Unmarried women behind the crisis

William F. Buckley
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Posted: Nov 21, 2000 12:00 AM
You have heard of pure scientists? They are the originators of such pure thoughts that eventuate, a generation later, into such lifesaving practical products as atom bombs and lightbulbs and penicillin. The counterparts of pure scientists are those journalists

whose deadline comes in after the finding of the circuit court judge's ruling that the Florida secretary of state acted reasonably in declaring closed the vote counting, but before the Florida Supreme Court affirms or overturns that decision. What do we do? The tocsin sounds for brave hearts, for the pure political analysts to resume meditation over the demographic voter breakdown of Election Day, Nov. 7.

The focus today is on unmarried women. They voted for Gore overwhelmingly (63 percent to 32 percent). The vote by married women was virtually tied (Gore 48, Bush 49).

Now the great polarization didn't happen overnight. Four years ago, Clinton got 62 percent of the unmarried women to 28 percent for Dole. The quick assumption that unmarried women were scared to death on election Tuesday by the high-pitched Gore predictions that a Bush victory would mean destitution at Social Security time doesn't stand up, unless we pure analysts are willing to say that the fear of dispossession began four years ago and stayed there to frighten unmarried women.

The drama, as you will have surmised, goes back to antecedent quadrennials. In 1992, Clinton vs. President Bush came in 53 percent to 31 percent. Perot got 15 percent. We can't know for sure from whom he took those votes, but if we apply them proportionately, we see that the unmarried women had already swung to the Democratic candidate.

And so we move back, this time by two presidential elections. In 1984, the vote was virtually tied: 49 percent for Reagan, 50 for Mondale. And in 1988, the slippage had begun: 42 for Vice President Bush, 57 for Gov. Dukakis.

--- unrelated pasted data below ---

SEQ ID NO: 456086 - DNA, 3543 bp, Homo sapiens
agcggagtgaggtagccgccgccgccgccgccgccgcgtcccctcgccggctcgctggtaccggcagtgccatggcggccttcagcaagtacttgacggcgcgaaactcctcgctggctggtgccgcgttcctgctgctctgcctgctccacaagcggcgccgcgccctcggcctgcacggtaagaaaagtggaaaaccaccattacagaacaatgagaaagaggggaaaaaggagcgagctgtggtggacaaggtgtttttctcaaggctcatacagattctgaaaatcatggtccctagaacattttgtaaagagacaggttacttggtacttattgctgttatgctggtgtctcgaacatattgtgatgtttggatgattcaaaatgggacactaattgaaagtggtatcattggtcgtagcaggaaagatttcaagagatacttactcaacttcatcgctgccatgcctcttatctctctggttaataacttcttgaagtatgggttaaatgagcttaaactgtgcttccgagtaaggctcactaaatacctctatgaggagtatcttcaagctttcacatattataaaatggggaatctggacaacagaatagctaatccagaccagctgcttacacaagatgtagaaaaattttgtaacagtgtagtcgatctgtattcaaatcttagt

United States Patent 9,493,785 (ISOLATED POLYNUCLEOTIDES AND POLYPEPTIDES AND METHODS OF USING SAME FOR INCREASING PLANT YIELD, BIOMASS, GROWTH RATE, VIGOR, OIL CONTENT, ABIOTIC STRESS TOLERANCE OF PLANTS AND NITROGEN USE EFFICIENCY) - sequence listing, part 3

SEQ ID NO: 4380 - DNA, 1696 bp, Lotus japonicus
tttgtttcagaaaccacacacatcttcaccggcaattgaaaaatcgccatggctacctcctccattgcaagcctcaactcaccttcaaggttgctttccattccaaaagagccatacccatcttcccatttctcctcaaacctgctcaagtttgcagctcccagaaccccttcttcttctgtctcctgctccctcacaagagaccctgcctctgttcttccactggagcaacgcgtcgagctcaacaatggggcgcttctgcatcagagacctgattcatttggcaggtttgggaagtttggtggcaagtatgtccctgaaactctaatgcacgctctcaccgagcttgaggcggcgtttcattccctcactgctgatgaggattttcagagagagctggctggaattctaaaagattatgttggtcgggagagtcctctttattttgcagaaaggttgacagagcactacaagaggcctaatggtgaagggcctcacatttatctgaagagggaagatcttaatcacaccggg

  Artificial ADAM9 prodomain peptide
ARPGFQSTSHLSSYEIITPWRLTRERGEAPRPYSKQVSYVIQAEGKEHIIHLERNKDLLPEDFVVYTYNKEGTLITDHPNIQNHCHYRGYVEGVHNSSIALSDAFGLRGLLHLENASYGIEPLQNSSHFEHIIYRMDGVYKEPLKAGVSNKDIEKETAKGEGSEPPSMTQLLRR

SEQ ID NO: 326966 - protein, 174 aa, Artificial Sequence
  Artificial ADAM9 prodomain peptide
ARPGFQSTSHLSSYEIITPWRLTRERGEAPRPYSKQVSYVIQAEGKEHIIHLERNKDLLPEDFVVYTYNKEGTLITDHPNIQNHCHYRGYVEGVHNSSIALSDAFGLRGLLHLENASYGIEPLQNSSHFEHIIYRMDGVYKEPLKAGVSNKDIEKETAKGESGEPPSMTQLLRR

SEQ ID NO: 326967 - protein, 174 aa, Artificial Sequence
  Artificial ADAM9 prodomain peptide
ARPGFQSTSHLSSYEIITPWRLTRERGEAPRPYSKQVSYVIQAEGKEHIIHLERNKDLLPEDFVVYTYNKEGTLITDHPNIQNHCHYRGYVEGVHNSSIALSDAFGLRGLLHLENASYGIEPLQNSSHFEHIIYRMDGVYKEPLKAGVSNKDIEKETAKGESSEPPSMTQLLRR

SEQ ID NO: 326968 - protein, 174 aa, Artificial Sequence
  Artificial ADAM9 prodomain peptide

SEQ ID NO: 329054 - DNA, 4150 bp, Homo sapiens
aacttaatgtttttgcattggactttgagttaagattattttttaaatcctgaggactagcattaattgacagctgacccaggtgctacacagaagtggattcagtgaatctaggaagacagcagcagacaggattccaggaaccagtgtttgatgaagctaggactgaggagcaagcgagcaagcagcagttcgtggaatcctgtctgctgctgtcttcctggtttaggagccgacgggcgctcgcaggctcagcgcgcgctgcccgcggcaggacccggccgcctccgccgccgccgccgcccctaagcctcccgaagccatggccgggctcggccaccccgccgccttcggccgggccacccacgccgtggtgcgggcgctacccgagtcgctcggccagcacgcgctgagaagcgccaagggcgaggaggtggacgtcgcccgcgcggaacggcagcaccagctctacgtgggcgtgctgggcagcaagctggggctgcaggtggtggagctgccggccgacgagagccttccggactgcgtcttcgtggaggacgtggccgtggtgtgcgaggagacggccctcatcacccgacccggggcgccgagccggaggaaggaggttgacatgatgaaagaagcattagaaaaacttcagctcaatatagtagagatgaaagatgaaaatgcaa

What is going on? Several contributing factors are volunteered.

The first is that the GOP is associated with the right to life, and single women are most covetous of the dominion over reproductive rights, as the right to abort is most generally referred to. The assumption here is that married women care less about choice, but this isn't manifestly so: The married woman who finds herself pregnant and already has other children to raise will often opt for an abortion, and this group makes up about one-third of abortions performed. Where then do we look for this near 2-to-1 disparity in the current vote of unmarried women?

The figures reveal that 90 percent of black Americans voted for Gore. The mere application of that advantage contributes to the unmarried-women Democratic figure. But blacks are only 10 percent of the voters, which means that 90 percent of the plurality has to be otherwise accounted for.

Then ask: Isn't it possible that unmarried women find themselves, in the absence of a husband, relying on somebody else to help with the usual social anxieties? Health care and Social Security predominantly, but also, for a considerable number, education? Single mothers procreate a great many children, and these need to be educated.

The impression given by modern Democrats is that it is they who hold out a hand to aid the disadvantaged at every level: somebody there at the hospital at time of birth, somebody at the schoolhouse to teach the kids, somebody to give them drugs as required, somebody to look after her in her old age. What's his name? Not Daddy. It's Uncle Sam.

Does this reasoning apply to widows? They are "unmarried women." But it is likelier that they will have been provided for by their dead husbands, and trained to rely less on government than on personal resources.

The GOP can't reasonably be expected to promote a campaign to get husbands for unmarried women. But short of that, Republicans have to come up with something. It isn't as easy as to reverse its position on abortion: Reagan did just fine simultaneously (a) opposing abortion, and (b) attracting the backing of unmarried women.

At the least, future Republican strategists could openly address the question. They try to appeal to Jewish voters by cosseting Israel, to Catholic voters by church/state rescue missions, blacks by civil-rights militancy, Hispanics by social hospitality. The unmarried woman can selectively be singled out for attention at least to the point of acknowledging that she exists, and ought to adopt the GOP for her otherwise childless household.